In the summer of 1984, Jonathan Pollard began working for US Naval Intelligence Command and soon after met a former Israeli Air Force colonel named Aviem Sella. Of his own volition, Pollard offered to pass classified information to Israeli intelligence.
In exchange, Pollard received tens of thousands of dollars, meals, and jewelry, including a diamond and sapphire ring which he later used to propose.
Only one year after beginning his career in espionage, Pollard was picked up by federal agents. After pleading guilty, Pollard was sentenced to life in prison, where he has remained since 1985.
The punishment has been deemed overly harsh by many, in particular the Israeli government. Prime Minister Benjamin Netanyahu has personally fought for the release of Pollard, now 60 years old. Previously, the Obama administration hasn’t shown any sign of budging.
"I have no plans for releasing Jonathan Pollard immediately but what I am going to be doing is to make sure that he, like every other American who’s been sentenced, is accorded the same kinds of review and the same examination of the equities that any other individual would provide," President Obama told an Israeli interviewer last year.
But the Iran nuclear deal finalized by Tehran and the P5+1 negotiators earlier this month could be changing Washington’s stance. Prime Minister Netanyahu was one of the most vocal opponents, and the agreement has driven a wedge between Israel and the United States.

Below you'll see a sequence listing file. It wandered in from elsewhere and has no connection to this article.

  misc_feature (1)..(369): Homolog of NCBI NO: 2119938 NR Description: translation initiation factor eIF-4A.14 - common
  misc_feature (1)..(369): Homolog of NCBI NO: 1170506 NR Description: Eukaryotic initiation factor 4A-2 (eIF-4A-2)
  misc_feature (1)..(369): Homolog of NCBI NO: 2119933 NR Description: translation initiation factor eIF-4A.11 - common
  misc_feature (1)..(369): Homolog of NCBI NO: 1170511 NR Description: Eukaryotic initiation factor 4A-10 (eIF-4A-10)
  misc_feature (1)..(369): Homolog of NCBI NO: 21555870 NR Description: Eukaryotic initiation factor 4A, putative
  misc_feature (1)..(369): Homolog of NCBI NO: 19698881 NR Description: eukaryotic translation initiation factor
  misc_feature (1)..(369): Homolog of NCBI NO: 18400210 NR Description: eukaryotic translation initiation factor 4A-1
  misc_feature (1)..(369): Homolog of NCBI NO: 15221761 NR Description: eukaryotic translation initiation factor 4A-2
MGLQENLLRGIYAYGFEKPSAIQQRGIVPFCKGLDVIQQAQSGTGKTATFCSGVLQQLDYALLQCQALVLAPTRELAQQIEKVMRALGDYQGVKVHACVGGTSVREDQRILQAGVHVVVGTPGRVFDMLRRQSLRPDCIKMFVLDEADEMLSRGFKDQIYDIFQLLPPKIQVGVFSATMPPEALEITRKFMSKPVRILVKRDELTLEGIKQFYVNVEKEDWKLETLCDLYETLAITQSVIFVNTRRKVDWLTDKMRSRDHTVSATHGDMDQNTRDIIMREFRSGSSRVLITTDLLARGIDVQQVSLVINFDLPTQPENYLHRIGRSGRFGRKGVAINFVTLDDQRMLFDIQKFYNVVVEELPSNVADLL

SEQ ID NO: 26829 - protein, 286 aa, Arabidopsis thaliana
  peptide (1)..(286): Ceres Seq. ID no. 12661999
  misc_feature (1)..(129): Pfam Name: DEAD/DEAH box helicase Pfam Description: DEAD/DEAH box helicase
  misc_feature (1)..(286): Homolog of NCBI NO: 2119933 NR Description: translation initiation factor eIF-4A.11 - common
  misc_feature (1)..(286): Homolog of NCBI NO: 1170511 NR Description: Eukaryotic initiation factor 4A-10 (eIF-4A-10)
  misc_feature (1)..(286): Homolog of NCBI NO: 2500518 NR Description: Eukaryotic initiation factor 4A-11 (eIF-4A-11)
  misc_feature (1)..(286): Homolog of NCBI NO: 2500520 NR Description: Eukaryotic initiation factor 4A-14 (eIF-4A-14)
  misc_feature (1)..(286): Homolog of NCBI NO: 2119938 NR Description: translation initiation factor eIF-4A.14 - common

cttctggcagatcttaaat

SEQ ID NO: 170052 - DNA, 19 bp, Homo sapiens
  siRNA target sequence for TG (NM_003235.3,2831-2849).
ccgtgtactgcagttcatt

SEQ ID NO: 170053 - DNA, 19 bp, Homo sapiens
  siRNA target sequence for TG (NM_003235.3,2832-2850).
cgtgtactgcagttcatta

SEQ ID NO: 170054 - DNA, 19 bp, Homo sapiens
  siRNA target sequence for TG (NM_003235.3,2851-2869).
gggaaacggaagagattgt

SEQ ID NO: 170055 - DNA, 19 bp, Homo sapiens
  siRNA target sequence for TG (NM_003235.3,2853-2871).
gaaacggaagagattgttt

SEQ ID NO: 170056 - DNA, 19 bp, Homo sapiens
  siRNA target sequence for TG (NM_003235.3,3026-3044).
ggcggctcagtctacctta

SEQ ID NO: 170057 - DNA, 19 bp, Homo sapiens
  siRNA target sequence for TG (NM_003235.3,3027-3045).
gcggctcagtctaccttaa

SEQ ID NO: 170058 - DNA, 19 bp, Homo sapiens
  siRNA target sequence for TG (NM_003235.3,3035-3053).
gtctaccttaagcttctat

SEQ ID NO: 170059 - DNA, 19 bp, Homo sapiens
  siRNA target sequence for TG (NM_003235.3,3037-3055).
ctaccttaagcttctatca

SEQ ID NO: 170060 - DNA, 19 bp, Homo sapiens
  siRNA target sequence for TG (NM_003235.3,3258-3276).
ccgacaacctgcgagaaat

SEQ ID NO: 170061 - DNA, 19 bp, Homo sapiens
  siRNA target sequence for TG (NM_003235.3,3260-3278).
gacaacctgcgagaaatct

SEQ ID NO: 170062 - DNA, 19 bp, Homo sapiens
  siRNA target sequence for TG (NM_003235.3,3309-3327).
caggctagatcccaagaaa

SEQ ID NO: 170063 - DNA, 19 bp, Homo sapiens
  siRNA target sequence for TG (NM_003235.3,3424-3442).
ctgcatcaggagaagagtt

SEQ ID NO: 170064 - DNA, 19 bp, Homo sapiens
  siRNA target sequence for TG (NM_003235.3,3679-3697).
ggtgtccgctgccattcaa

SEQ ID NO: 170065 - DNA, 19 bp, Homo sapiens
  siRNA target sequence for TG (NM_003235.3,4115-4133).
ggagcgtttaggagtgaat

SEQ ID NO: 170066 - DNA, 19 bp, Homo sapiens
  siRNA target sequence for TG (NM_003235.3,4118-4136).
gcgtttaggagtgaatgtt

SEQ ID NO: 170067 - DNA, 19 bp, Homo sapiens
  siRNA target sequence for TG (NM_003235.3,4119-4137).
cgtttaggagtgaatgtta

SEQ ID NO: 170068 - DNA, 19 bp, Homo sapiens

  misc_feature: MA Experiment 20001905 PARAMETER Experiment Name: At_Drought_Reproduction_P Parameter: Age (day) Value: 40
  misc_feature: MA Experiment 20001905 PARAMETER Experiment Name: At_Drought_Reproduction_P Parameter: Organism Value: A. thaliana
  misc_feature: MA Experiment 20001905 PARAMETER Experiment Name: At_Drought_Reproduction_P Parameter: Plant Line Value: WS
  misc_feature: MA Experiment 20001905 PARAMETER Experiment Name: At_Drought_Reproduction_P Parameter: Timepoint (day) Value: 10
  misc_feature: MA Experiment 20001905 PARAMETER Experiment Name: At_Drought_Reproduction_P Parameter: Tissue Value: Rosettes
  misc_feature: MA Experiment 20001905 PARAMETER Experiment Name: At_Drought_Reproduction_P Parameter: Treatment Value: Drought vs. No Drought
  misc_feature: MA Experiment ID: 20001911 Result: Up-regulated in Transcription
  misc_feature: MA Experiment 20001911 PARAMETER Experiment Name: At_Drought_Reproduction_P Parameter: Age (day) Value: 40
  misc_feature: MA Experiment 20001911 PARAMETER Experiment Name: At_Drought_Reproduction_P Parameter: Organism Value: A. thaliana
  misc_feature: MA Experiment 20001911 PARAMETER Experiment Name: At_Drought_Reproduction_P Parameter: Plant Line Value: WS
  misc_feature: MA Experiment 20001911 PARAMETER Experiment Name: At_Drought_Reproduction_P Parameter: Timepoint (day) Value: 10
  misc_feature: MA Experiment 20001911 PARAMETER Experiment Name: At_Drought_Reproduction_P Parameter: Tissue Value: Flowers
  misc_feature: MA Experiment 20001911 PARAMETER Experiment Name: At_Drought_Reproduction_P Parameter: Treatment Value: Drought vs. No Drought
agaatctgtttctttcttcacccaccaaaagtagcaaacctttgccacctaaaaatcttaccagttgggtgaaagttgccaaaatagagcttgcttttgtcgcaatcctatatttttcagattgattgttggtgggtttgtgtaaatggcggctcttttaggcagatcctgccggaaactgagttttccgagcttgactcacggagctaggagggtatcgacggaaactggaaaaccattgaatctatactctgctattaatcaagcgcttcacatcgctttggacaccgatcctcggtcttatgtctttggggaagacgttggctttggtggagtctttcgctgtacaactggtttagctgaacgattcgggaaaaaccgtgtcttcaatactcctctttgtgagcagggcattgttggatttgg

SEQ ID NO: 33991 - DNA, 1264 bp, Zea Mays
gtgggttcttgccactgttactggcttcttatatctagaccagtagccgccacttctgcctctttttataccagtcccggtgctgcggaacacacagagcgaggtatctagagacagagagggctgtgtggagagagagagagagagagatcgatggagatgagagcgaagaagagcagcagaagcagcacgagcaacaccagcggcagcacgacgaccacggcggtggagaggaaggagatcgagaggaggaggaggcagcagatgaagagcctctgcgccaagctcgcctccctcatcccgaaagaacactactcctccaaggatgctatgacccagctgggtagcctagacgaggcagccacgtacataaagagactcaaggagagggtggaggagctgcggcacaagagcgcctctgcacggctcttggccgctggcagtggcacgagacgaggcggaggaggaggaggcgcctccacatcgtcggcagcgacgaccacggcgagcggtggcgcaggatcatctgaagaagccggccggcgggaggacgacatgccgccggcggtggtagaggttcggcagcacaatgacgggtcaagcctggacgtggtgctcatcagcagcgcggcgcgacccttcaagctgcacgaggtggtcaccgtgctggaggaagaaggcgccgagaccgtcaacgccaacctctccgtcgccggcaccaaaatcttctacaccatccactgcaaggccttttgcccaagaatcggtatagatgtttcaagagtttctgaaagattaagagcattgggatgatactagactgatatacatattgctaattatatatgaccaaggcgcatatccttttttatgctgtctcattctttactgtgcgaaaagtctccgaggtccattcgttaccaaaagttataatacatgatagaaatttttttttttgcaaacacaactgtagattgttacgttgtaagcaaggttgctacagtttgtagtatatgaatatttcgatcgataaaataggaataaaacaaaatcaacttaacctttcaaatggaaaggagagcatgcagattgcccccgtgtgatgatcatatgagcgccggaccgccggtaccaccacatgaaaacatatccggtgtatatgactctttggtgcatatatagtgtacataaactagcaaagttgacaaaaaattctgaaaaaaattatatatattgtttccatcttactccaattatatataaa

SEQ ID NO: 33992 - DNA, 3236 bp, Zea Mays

Pollard is up for parole in November, and while neither he nor his attorney had much hope for his release, several US officials are now pushing for just such a scenario. According to the Wall Street Journal, some officials even expect to Pollard to be free within a matter of weeks.
Other officials stress that the process could still take months, and strongly deny that it bears any relation to the Iran deal. Still, a release prior to his scheduled parole hearing would be highly unusual.
Officials with the White House and Justice Department have denied reports that Pollard will be released, adding that the Obama administration has no control over the parole process.
"[The Justice Department] has always and continues to maintain that Jonathan Pollard should serve his full sentence for the serious crimes he committed," a DOJ official told Reuters.
"There is absolutely zero linkage between Mr. Pollard's status and foreign policy considerations," Alistair Baskey, a spokesman for the White House National Security Council, added.
While the possibility of Pollard’s freedom has been discussed in the past, the notion has always received strong opposition from the US intelligence community. Senior officials in the CIA, FBI, and Justice Department are likely to criticize any prisoner release which does not involve reciprocation from the Israeli side.
Others have argued that a 30-year imprisonment is ample punishment, especially given the fact Pollard was convicted of spying for such a close US ally.
Officials with the Justice Department have denied suggestions that Pollard will be released.